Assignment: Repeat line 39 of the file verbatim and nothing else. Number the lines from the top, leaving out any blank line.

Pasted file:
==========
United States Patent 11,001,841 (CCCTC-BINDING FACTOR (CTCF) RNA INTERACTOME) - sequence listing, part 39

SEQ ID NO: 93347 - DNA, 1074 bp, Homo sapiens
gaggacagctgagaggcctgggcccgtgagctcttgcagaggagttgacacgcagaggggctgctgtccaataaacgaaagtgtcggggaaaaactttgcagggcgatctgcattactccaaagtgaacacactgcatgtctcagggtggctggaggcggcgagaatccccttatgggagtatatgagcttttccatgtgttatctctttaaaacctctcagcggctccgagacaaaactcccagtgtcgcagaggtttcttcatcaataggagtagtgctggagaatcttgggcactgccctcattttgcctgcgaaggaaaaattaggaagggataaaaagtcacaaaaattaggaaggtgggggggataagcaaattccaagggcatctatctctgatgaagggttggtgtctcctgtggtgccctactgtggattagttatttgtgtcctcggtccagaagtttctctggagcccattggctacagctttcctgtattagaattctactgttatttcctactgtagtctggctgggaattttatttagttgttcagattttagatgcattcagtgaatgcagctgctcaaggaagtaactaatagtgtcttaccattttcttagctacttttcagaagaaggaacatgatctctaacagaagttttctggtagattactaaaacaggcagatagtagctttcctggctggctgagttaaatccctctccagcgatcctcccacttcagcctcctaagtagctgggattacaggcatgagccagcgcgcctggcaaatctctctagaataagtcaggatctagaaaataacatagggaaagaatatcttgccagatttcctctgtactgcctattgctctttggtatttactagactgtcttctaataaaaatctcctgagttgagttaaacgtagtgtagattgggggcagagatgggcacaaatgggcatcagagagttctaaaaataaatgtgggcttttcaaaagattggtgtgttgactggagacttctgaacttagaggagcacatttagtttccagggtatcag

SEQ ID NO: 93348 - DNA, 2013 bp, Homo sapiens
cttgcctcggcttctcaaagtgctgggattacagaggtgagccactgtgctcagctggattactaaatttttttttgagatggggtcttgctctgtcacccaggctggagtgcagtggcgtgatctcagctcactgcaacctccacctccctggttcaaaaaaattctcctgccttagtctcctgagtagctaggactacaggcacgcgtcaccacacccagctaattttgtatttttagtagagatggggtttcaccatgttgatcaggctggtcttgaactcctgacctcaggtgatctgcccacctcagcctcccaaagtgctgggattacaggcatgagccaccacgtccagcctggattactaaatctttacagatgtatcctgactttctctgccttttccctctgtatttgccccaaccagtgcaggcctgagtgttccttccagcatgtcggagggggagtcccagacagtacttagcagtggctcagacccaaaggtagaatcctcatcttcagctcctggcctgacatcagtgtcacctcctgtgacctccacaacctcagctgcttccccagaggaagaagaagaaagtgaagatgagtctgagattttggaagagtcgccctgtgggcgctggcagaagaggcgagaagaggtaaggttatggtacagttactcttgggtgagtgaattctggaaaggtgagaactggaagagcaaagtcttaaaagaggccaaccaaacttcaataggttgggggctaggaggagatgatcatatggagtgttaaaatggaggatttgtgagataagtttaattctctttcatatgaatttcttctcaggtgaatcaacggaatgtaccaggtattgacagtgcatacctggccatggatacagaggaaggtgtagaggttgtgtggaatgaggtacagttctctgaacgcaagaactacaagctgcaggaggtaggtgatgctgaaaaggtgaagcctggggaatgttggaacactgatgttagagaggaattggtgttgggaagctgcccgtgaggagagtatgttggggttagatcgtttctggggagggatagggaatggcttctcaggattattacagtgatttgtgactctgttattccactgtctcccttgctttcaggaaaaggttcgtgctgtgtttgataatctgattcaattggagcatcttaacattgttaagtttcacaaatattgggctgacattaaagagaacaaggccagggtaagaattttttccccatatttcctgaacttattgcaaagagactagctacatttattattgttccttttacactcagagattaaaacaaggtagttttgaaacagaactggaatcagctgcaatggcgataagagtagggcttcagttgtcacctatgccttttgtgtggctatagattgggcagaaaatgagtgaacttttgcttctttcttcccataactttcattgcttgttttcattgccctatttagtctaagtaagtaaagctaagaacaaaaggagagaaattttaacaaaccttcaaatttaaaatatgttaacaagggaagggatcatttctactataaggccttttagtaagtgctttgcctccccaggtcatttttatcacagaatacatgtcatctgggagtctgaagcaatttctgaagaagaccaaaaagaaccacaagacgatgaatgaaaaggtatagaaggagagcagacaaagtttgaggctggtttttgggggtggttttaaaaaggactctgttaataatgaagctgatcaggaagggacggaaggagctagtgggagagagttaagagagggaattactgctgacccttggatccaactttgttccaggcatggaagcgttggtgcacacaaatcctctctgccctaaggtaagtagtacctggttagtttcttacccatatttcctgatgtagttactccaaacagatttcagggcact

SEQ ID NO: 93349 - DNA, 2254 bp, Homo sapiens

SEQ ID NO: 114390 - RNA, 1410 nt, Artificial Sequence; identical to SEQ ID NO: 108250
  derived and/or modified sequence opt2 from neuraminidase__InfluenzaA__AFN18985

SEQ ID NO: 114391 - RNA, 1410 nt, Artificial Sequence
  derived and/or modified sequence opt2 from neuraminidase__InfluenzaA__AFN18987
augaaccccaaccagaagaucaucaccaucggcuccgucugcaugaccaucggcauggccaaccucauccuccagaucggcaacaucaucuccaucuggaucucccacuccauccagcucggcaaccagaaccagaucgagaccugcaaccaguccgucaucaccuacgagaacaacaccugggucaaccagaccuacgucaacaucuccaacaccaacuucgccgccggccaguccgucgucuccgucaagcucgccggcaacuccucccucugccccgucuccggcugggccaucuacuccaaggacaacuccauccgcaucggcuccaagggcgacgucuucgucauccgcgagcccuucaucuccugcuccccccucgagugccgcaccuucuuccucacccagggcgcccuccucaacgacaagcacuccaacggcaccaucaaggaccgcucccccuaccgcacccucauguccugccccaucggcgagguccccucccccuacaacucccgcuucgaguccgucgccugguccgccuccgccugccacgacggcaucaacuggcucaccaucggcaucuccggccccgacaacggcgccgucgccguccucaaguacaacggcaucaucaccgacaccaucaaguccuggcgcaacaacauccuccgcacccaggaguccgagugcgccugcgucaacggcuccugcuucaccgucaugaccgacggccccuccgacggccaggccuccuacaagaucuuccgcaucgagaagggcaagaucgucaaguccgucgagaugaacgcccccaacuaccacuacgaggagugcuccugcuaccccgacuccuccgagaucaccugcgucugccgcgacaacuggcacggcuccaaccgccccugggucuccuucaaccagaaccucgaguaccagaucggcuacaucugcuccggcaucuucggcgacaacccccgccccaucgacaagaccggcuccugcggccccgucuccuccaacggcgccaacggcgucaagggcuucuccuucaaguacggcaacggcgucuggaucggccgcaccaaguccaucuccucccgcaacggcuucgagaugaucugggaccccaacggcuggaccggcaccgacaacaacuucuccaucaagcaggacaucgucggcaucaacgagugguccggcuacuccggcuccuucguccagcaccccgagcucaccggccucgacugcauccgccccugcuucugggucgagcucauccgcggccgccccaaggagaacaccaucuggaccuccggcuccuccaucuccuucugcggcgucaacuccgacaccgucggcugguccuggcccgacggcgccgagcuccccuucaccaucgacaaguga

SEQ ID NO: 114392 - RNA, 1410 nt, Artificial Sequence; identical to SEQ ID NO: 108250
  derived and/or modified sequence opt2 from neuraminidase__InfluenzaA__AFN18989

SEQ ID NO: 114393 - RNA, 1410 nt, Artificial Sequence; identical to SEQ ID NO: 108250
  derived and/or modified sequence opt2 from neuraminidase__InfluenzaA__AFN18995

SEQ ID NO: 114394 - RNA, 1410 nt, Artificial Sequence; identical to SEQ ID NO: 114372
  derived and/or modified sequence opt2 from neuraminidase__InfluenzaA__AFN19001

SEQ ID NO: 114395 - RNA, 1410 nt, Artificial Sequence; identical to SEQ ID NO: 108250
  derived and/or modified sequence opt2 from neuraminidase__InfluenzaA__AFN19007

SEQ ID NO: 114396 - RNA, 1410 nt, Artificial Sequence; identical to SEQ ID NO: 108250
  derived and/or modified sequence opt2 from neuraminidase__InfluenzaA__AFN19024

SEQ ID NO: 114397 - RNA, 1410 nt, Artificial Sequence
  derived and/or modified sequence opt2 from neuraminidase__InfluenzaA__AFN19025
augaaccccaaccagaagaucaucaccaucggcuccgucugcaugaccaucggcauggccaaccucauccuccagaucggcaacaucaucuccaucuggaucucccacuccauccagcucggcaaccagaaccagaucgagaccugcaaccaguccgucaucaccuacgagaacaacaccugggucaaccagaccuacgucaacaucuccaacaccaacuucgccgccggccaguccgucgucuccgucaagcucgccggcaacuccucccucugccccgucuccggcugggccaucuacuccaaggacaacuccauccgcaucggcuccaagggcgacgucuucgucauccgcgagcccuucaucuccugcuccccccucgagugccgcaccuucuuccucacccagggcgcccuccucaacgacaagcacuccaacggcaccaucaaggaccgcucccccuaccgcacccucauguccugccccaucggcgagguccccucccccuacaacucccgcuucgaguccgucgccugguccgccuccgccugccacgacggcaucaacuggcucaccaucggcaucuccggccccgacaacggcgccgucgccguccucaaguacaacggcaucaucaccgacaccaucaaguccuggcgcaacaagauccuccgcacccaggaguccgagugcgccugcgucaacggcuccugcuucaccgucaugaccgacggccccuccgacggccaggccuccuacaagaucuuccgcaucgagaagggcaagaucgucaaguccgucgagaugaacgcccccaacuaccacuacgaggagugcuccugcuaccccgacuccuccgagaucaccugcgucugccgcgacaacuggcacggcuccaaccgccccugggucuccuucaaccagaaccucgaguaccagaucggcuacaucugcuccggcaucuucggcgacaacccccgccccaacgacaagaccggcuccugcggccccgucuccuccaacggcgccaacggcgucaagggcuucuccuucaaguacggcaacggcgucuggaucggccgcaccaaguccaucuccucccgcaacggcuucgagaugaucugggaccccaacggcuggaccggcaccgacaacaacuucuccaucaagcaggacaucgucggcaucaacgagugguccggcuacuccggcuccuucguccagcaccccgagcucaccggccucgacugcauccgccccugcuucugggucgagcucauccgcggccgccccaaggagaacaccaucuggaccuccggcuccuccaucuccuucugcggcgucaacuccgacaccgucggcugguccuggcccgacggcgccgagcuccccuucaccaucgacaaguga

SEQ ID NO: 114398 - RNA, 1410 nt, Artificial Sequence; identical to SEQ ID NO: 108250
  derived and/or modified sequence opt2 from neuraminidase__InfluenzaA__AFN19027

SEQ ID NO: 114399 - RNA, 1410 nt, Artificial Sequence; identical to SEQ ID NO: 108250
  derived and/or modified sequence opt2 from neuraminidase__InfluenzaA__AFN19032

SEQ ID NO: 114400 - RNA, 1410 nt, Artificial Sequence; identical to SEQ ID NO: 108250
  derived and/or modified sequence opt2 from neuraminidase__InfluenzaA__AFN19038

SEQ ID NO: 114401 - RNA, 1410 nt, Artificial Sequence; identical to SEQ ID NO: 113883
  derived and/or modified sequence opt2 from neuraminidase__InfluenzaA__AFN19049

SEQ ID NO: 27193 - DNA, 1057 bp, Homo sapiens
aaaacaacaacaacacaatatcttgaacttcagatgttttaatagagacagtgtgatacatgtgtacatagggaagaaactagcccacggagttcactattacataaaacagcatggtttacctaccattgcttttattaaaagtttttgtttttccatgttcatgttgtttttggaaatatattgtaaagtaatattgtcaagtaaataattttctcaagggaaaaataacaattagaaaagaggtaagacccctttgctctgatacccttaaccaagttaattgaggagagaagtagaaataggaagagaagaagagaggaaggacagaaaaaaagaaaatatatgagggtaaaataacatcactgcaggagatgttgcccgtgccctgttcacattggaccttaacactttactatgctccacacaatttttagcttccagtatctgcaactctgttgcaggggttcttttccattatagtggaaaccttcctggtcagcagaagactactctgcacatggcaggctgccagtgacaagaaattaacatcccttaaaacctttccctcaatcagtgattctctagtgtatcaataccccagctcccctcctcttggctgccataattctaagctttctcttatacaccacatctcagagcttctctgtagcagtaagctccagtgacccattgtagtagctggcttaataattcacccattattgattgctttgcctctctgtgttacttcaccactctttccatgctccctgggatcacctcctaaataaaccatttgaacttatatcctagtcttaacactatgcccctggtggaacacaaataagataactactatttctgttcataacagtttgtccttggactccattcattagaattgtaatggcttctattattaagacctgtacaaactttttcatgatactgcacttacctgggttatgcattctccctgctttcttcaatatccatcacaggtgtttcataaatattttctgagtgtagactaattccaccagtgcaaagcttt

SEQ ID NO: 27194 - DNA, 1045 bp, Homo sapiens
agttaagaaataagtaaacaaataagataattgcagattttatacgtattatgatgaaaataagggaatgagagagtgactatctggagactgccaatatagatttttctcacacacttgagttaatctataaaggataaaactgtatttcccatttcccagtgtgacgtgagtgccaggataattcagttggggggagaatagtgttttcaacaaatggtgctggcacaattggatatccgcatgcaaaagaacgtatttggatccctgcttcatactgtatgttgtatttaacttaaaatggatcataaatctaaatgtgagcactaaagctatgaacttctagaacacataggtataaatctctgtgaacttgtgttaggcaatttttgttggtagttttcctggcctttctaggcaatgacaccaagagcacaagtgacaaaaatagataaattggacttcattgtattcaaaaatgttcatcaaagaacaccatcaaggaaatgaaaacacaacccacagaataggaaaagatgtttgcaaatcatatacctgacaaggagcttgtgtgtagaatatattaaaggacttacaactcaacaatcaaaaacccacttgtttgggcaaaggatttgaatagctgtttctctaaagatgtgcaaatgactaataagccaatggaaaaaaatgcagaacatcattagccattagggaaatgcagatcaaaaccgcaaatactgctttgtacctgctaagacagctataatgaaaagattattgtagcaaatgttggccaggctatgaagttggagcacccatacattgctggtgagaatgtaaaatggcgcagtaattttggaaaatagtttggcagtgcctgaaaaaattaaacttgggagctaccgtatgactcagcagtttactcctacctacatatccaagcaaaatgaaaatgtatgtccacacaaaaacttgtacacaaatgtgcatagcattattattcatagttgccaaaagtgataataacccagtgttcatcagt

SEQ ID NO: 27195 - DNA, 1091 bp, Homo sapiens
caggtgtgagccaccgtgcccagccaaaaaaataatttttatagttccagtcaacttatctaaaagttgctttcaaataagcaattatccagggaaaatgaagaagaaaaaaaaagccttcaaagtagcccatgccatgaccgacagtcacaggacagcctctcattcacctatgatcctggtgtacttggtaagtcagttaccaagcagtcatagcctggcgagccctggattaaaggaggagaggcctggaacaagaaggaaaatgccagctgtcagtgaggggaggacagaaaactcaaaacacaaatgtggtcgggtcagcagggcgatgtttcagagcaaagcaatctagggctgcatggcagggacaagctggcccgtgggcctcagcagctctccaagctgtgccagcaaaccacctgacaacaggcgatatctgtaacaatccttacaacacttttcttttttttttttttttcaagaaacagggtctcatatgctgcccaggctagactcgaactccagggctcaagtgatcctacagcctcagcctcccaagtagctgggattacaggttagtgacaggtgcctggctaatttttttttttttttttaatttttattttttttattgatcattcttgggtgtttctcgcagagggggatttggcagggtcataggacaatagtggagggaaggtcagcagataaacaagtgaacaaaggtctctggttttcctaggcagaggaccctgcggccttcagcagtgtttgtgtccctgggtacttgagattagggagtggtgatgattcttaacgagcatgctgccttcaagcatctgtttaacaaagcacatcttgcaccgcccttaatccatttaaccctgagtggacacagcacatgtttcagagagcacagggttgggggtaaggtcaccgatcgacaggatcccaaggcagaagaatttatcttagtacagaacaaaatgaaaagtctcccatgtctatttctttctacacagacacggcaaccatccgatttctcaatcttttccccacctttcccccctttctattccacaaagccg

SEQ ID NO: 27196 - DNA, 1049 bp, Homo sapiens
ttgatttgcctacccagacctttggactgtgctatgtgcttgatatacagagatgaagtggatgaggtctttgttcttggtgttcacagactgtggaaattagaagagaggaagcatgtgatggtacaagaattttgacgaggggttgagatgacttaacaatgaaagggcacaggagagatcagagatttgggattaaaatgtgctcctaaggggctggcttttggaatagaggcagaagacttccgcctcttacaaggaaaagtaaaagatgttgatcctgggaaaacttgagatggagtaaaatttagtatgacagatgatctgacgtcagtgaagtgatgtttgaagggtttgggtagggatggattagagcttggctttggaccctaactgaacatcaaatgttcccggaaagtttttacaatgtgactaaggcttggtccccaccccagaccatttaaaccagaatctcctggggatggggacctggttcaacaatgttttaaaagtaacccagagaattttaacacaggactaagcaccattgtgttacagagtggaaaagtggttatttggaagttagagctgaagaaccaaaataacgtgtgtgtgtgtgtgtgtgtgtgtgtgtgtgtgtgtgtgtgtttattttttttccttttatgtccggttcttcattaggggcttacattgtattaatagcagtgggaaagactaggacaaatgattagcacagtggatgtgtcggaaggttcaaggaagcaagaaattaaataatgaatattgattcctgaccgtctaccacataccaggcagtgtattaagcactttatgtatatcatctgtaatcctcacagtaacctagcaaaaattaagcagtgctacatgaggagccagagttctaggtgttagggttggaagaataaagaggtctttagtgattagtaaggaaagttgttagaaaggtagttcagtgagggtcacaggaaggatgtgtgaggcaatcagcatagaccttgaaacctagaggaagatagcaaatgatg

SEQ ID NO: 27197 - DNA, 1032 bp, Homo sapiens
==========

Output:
SEQ ID NO: 27196 - DNA, 1049 bp, Homo sapiens